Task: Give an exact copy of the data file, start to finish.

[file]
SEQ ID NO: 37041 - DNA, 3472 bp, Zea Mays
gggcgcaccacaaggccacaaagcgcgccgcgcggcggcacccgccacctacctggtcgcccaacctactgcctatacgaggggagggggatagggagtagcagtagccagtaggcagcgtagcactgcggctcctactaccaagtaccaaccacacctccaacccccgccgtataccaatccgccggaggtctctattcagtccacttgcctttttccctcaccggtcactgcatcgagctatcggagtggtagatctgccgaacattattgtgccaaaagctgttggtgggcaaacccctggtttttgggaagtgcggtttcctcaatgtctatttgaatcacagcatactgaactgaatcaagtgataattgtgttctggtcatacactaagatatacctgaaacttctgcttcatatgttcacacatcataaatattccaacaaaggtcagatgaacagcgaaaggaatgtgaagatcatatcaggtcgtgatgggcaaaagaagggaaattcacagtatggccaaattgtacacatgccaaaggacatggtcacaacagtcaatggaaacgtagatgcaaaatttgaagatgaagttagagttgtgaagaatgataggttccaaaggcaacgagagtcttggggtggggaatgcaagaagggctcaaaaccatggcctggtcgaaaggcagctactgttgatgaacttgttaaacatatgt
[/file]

SEQ ID NO: 37041 - DNA, 3472 bp, Zea Mays
gggcgcaccacaaggccacaaagcgcgccgcgcggcggcacccgccacctacctggtcgcccaacctactgcctatacgaggggagggggatagggagtagcagtagccagtaggcagcgtagcactgcggctcctactaccaagtaccaaccacacctccaacccccgccgtataccaatccgccggaggtctctattcagtccacttgcctttttccctcaccggtcactgcatcgagctatcggagtggtagatctgccgaacattattgtgccaaaagctgttggtgggcaaacccctggtttttgggaagtgcggtttcctcaatgtctatttgaatcacagcatactgaactgaatcaagtgataattgtgttctggtcatacactaagatatacctgaaacttctgcttcatatgttcacacatcataaatattccaacaaaggtcagatgaacagcgaaaggaatgtgaagatcatatcaggtcgtgatgggcaaaagaagggaaattcacagtatggccaaattgtacacatgccaaaggacatggtcacaacagtcaatggaaacgtagatgcaaaatttgaagatgaagttagagttgtgaagaatgataggttccaaaggcaacgagagtcttggggtggggaatgcaagaagggctcaaaaccatggcctggtcgaaaggcagctactgttgatgaacttgttaaacatatgt